• Sue Puetz

Wildlife in Rehab

I discovered All Things Wild Rehabilitation (ATW) when I needed their help with my first owl family.


Read My Owl Saga



The goal at ATW is to rehabilitate wild animals and release them back into the wild. It was early spring, prime birthing season for wildlife, especially deer, squirrels, raccoons and opossums. ATW’s facility, indoors and out, was teeming with babies who were orphaned, abandoned and/or injured. And all of them were full of curiosity, energy and cuteness overload. I just couldn’t stay away.

In addition to capturing and sharing images of their wards, I learned that wildlife rehabilitation is an exact science. Every tiny creature is weighed on a strict schedule to ensure that it is benefitting from its diet. Formulas are a precise balance of a protein/fat ratio depending on the species. Pre-weened small mammals are fed with droppers or bottles depending on their size. Marsupials are nurtured via tubing because, by nature, they are carried and suckled in the mother’s pouch until weened.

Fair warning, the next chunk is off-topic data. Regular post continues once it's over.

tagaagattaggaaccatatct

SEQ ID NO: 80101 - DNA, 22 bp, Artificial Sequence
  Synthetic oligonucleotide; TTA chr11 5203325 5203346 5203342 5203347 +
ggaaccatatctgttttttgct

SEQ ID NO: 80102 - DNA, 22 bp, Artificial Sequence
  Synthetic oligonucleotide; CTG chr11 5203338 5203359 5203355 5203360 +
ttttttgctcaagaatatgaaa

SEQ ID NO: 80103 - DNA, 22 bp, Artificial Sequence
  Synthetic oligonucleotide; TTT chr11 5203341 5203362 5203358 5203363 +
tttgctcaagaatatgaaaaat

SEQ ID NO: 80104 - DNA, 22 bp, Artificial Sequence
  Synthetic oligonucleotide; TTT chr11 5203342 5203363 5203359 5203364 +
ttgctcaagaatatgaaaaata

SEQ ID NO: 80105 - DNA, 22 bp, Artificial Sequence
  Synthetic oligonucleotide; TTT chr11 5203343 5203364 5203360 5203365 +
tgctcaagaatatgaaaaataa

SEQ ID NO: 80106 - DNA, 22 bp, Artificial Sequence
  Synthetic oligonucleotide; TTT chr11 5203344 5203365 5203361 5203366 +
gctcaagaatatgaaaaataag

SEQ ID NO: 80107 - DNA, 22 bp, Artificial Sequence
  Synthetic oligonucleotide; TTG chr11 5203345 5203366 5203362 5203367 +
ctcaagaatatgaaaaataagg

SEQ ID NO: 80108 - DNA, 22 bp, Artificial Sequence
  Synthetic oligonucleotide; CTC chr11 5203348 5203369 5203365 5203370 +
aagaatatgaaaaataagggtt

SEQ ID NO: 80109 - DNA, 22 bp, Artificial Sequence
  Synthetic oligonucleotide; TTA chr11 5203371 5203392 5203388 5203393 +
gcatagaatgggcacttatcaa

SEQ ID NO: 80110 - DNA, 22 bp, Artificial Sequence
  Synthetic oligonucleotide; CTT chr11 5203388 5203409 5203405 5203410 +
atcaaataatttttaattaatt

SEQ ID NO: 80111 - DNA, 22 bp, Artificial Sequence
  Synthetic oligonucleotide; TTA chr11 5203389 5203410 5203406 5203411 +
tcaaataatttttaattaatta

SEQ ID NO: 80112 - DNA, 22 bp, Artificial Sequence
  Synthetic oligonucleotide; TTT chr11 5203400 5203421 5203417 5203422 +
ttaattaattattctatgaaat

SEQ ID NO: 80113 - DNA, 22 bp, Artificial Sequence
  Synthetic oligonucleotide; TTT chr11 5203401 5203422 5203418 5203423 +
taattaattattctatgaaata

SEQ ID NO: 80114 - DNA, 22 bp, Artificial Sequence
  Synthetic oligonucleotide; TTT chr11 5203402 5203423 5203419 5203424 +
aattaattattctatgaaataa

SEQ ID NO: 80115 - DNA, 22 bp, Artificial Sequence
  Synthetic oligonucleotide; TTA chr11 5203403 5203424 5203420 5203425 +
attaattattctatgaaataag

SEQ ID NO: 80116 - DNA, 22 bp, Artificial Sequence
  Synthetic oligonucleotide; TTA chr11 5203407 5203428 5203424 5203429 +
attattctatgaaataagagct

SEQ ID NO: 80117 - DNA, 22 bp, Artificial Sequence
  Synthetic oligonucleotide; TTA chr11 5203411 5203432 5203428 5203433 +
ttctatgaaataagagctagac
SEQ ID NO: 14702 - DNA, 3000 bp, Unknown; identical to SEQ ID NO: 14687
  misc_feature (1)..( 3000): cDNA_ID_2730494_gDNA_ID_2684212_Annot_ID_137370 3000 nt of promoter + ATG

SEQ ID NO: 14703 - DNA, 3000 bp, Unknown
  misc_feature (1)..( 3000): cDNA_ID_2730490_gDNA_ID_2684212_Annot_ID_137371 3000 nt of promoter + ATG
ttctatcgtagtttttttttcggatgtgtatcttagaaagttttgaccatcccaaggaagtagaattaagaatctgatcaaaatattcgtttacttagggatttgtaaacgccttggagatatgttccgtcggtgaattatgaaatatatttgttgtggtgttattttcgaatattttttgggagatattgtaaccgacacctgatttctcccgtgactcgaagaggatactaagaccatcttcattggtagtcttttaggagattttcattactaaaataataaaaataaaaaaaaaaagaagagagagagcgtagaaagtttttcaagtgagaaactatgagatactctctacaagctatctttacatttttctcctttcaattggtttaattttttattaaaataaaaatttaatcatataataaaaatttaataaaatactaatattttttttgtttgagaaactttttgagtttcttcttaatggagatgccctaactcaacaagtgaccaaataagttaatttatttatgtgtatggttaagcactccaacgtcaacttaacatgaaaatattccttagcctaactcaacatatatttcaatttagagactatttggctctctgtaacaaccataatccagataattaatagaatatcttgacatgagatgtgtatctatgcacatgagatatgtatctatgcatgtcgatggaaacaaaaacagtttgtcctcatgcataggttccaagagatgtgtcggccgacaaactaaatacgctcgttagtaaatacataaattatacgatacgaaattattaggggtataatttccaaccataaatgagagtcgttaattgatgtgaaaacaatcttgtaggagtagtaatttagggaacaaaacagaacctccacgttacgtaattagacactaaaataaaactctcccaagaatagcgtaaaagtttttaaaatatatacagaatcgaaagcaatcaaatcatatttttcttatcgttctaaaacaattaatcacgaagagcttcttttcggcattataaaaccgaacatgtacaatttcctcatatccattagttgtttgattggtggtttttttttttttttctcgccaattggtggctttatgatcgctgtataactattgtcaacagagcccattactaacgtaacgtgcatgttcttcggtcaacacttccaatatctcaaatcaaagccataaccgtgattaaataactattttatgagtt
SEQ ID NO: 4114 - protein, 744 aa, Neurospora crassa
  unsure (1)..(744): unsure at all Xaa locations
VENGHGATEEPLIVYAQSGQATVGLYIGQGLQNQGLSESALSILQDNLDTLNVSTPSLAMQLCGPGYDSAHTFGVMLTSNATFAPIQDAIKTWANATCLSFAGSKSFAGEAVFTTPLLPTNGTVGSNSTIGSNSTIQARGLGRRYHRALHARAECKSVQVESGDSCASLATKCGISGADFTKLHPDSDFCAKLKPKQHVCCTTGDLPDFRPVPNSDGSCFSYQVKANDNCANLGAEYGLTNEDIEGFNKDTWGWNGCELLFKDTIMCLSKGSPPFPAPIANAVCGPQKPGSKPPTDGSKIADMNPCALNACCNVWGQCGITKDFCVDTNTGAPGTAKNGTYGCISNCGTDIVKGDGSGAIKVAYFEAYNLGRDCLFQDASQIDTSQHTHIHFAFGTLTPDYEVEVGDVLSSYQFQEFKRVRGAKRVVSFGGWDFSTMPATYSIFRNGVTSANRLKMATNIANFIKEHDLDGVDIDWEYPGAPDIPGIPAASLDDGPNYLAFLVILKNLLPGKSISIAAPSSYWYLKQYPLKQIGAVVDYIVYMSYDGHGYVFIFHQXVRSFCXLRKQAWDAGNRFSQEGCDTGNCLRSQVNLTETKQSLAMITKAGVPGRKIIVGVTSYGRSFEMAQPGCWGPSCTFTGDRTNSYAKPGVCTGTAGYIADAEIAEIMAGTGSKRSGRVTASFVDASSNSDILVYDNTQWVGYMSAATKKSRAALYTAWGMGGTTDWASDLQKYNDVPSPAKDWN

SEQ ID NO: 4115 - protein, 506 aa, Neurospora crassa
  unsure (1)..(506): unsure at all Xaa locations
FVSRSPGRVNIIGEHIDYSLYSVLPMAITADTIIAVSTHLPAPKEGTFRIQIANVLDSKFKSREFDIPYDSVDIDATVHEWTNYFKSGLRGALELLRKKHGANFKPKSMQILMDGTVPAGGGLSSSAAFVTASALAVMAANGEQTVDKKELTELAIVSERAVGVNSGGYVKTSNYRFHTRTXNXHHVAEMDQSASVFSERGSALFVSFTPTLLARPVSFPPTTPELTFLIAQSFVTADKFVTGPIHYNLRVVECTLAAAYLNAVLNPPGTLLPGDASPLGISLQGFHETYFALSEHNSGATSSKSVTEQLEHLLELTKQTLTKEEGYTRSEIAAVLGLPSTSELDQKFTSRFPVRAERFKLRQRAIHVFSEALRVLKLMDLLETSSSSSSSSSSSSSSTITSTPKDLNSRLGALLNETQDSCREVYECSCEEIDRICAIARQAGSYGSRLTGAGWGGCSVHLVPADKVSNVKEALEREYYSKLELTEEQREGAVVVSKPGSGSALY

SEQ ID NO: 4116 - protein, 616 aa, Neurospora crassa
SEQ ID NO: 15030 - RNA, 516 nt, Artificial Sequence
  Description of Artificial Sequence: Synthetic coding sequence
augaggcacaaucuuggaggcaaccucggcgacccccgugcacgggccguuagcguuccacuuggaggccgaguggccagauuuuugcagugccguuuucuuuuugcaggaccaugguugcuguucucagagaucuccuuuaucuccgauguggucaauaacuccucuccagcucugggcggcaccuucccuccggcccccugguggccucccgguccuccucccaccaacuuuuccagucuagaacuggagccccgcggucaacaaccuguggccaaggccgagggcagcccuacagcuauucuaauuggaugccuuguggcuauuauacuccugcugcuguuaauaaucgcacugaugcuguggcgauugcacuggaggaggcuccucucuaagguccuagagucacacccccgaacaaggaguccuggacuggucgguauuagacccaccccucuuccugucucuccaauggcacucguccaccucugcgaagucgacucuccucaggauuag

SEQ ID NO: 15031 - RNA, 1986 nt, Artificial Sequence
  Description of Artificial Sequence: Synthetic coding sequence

I had a mated pair of Screech Owls with their brood of three owlets. Aware that my owl family was healthy and secure, they asked if I would adopt an owlet who needed a surrogate owl to teach him how to fly. Lucky me, of course I said yes. After my Screech family of six vacated their abode, ATW had another Screech orphaned fledgling who needed a gentle release. I just so happen to have the perfect oak tree with an owl box to let - free room and board for an occasional photo op.